-2010 Cadillac CTS Wagon [nixed; visibility and wasn’t find of some sedan handling traits]:While I haven’t driven one of the wagons (or coupes), the 3.6L sedan takes what the Camaro V6 is built on, but it’s in a body that can be used. Unlike the 2009 Camaro– or any modern Camaro– the CTS wasn’t designed for pantomime and Transformer whoring. It was a Cadillac. Leather. Wood (ish). Comfort. While the interior was a bit too similar in material quality of lower-wrung GM’s, that’s not horrible to say for this era. The Malibu LTZ’s are fine for interiors compared to the 2004 predecessors. A CTS Wagon does what a Magnum SRT8 offered on a smaller and slower scale, but with better fuel economy and nicer treatment in the cabin. There are more surfaces with richer tones, less cheapy exterior with jeweled lamps littered with modern LED’s and projector-beam headlights. No need for a V8 here, with a potent enough 306hp V6 and a choice of six-speed manual or automatic transmissions. Camaro’s offered a dual-mode exhaust that could probably be fitted to open up (and sound awesome over 3,000rpm when the valves open in the mufflers). That automatic isn’t infallible, nor does the CTS offer an obvious paddle-shifter steering wheel like the Camaro, or newer ATS line, but as a touring wagon it’s a commendable piece that still comes close to mixing comfort with pony-car fun. Sadly the rear corners are so blocked by sheetmetal, I may change my mind on the wagon aspect. The CTS is at least a bargain GS350 contender.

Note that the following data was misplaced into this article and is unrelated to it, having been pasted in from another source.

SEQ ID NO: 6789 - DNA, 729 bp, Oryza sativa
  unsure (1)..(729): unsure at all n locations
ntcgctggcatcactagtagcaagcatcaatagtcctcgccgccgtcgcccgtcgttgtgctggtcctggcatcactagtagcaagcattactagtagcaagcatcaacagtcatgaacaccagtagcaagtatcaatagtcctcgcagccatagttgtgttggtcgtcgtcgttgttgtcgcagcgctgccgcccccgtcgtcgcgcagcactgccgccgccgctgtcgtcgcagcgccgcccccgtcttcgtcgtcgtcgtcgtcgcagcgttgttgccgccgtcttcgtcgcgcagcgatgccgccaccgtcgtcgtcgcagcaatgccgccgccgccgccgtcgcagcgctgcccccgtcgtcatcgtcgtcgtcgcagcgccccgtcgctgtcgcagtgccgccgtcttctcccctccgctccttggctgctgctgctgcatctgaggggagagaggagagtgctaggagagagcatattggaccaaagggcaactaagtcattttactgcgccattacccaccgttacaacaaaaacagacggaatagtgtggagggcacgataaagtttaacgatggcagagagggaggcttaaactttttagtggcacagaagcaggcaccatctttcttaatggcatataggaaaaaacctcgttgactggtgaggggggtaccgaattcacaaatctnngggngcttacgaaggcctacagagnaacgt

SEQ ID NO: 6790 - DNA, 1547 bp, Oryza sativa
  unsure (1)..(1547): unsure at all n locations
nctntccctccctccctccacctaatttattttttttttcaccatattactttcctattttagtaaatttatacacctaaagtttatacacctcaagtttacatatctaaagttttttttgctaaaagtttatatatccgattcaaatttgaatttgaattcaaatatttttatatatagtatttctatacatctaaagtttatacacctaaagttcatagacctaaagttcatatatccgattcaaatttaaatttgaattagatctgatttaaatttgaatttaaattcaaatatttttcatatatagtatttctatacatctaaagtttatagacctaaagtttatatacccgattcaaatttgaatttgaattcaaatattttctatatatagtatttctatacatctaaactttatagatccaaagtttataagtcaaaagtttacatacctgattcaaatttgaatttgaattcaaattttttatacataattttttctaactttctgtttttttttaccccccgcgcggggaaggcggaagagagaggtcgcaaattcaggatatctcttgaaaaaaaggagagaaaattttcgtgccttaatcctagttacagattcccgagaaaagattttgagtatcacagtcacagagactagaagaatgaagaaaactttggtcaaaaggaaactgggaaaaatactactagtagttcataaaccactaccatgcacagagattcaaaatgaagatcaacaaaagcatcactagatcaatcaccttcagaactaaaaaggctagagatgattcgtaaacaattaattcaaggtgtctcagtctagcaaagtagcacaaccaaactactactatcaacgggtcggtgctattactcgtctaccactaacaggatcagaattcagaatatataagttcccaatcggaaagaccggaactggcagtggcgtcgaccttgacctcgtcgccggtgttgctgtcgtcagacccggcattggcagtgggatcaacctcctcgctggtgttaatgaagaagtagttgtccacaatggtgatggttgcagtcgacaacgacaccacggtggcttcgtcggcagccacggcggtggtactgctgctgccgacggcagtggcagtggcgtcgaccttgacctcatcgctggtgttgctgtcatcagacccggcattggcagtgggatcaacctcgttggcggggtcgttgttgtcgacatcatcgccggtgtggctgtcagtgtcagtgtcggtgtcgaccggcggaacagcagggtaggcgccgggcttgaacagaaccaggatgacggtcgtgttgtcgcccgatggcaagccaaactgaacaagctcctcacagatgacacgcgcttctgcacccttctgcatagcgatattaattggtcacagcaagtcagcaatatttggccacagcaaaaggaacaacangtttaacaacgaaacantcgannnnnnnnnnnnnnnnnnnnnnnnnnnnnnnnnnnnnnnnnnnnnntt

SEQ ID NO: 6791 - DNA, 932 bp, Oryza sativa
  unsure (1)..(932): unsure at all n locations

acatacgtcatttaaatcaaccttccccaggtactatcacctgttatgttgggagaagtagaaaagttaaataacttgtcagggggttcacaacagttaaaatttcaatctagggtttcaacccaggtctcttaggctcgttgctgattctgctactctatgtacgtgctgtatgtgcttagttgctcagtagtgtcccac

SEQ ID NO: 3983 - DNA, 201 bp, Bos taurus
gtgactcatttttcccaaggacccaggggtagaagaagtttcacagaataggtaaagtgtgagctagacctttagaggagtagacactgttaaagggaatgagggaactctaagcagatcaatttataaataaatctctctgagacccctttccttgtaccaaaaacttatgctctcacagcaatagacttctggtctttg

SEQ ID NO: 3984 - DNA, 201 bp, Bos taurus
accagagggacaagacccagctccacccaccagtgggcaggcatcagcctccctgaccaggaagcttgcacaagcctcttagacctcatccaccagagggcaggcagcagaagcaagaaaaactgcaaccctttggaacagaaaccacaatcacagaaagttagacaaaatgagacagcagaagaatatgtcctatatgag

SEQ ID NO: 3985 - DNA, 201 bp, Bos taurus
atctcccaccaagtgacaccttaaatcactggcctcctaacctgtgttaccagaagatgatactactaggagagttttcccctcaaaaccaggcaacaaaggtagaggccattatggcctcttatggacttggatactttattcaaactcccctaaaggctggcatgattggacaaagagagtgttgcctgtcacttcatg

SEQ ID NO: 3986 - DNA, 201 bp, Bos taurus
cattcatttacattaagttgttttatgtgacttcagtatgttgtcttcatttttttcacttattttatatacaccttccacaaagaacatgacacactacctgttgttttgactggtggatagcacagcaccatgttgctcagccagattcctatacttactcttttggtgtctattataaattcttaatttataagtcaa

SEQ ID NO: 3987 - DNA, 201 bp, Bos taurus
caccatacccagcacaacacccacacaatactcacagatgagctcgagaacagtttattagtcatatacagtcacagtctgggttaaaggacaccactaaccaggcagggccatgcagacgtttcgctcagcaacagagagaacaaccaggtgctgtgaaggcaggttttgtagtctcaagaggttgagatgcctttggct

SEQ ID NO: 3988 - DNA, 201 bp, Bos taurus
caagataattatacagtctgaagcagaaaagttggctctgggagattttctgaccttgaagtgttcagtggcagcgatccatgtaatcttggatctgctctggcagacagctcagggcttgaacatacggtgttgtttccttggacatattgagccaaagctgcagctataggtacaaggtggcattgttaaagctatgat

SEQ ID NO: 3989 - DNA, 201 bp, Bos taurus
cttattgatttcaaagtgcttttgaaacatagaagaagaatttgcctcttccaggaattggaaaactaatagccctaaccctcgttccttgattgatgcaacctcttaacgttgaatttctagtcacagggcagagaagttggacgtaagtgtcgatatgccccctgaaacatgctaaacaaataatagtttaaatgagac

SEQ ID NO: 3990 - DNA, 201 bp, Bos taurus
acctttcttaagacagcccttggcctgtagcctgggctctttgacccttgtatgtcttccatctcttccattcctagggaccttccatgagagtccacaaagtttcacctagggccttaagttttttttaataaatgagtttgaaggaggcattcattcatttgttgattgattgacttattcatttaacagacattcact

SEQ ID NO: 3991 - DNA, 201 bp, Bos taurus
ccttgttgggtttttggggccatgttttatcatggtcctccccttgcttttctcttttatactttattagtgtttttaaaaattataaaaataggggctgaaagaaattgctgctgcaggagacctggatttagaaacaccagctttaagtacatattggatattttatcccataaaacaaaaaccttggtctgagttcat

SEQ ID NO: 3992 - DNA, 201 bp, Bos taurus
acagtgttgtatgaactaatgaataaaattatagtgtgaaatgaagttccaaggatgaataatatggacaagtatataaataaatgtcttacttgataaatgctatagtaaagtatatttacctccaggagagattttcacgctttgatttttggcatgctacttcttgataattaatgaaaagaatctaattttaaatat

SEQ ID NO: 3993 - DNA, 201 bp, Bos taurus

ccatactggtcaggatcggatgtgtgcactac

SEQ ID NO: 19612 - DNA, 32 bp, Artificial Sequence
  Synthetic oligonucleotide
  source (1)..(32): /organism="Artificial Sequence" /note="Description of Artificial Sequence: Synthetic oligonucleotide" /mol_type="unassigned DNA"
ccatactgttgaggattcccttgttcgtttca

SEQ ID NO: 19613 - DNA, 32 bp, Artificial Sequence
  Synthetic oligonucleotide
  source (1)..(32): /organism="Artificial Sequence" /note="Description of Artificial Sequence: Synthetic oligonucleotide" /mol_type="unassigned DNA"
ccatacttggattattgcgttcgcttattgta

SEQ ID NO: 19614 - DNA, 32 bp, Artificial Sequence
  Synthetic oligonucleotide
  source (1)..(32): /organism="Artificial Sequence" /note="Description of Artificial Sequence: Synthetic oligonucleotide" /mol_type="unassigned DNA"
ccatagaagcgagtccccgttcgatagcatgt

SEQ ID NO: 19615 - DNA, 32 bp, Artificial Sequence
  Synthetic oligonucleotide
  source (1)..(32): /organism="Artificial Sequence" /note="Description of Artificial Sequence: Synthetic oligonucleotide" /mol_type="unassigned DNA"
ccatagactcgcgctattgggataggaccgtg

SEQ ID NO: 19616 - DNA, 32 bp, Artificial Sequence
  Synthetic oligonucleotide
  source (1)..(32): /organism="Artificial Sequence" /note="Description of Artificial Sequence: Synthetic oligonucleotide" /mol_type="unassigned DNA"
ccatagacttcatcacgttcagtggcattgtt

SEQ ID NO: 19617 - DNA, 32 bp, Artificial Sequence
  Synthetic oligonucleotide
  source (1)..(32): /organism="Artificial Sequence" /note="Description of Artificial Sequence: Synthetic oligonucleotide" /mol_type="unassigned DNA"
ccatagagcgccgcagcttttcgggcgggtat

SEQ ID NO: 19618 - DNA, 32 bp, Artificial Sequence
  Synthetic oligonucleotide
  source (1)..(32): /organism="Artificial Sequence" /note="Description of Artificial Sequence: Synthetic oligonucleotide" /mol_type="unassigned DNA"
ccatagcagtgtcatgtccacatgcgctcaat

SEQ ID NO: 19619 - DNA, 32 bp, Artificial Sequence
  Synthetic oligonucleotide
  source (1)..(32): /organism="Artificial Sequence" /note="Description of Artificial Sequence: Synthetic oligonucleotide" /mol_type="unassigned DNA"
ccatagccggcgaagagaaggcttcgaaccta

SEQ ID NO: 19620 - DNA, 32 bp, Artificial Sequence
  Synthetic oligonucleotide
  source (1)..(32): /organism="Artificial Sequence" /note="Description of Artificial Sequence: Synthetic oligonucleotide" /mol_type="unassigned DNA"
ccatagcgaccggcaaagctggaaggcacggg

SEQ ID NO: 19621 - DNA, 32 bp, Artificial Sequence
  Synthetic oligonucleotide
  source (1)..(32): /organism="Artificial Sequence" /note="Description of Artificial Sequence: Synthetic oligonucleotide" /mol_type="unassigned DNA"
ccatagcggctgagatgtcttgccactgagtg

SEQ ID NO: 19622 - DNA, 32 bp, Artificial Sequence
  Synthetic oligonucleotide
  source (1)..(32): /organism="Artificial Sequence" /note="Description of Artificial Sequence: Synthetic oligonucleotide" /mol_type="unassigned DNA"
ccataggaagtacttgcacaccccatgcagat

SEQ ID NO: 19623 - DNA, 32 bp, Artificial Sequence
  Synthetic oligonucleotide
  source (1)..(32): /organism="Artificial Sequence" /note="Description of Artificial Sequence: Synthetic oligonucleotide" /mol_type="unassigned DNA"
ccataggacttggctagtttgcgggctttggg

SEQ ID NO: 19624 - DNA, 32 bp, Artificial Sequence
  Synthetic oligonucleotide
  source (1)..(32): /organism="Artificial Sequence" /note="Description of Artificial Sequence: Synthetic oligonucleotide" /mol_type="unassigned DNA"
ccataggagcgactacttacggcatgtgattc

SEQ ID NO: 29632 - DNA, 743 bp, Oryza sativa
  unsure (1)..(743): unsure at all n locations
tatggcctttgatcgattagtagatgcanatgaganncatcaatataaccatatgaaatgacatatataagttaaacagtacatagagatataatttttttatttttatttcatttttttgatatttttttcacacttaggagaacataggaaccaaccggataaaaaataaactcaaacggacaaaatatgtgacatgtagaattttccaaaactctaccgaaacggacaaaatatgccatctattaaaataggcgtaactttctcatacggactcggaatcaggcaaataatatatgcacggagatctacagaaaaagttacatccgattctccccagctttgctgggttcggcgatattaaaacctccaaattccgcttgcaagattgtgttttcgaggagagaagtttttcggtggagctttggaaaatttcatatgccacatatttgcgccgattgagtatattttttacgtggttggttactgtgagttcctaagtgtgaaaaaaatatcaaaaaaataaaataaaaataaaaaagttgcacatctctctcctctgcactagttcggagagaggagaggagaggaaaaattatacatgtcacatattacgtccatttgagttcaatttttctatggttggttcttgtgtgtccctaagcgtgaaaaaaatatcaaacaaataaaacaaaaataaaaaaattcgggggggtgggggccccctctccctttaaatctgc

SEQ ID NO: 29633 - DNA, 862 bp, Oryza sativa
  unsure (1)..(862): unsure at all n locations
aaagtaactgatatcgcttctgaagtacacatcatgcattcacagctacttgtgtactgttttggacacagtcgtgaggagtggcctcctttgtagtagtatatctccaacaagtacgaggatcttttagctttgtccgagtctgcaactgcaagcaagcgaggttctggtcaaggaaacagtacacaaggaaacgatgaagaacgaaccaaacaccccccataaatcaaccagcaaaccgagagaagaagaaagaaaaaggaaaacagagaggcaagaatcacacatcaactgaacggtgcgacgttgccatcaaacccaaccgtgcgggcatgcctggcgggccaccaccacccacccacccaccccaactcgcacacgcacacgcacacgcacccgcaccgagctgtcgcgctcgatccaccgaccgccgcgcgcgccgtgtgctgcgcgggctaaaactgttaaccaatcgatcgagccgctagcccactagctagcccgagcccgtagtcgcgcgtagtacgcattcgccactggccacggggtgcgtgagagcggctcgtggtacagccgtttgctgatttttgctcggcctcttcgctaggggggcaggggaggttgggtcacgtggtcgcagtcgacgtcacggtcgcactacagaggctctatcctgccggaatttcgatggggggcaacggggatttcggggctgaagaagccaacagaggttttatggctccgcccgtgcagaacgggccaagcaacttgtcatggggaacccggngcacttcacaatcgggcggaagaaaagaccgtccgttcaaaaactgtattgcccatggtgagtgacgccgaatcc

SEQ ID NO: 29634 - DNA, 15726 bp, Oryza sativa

-Ford Flex EcoBoost: While I’m more a believer in minivans, the Ford Flex makes a nice case for large cross-over vehicles. The long, low shape is a breath of fresh air for the segment that tries too hard to be rugged in looks. The interior cargo volume is apparently smaller than some of its competition, but that’s a surprise at it actually feels quite roomy over-all. Later Flex models had an improved interior with better seats, materials, and steering wheel for a richer feel and more comfortable driving. The base V6 is adequate, but the EcoBoost and all-wheel drive puts the EcoBoost into an easy roadtripper with family or stuff. Handling for such a large vehicle is surprising, with just enough rear-end rotation to make corners a bit more of a joy.
Element: I don’t care if it’s a boxy, top-heavy CR-V with less practicality—I’ve always liked them. And now that I’ve driven a few of them (both manual and automatic), I’m fine with it for sure. It’s amazing willing to be wrung-out and driven like a Honda. The stereo is crappy for the acoustically challenged interior, but I’m no audiophile (which I suppose really hits home how bad it can be). Mostly I just want this as a joint vehicle for me and my long-time, live-in girlfriend to take day or weekend trips in, with the E-Camper up top. The Element offered curtains the entire way around the interior, and a pop-tent that mounted to the rear lift-gate for over-night campers. Having the E-Camper with these already availible features makes for sleeping for up to four people (which is all the Element will seat), and the popped-roof and curtains make for an at-beach changing room… not that I’m active, but the Element would help push that along.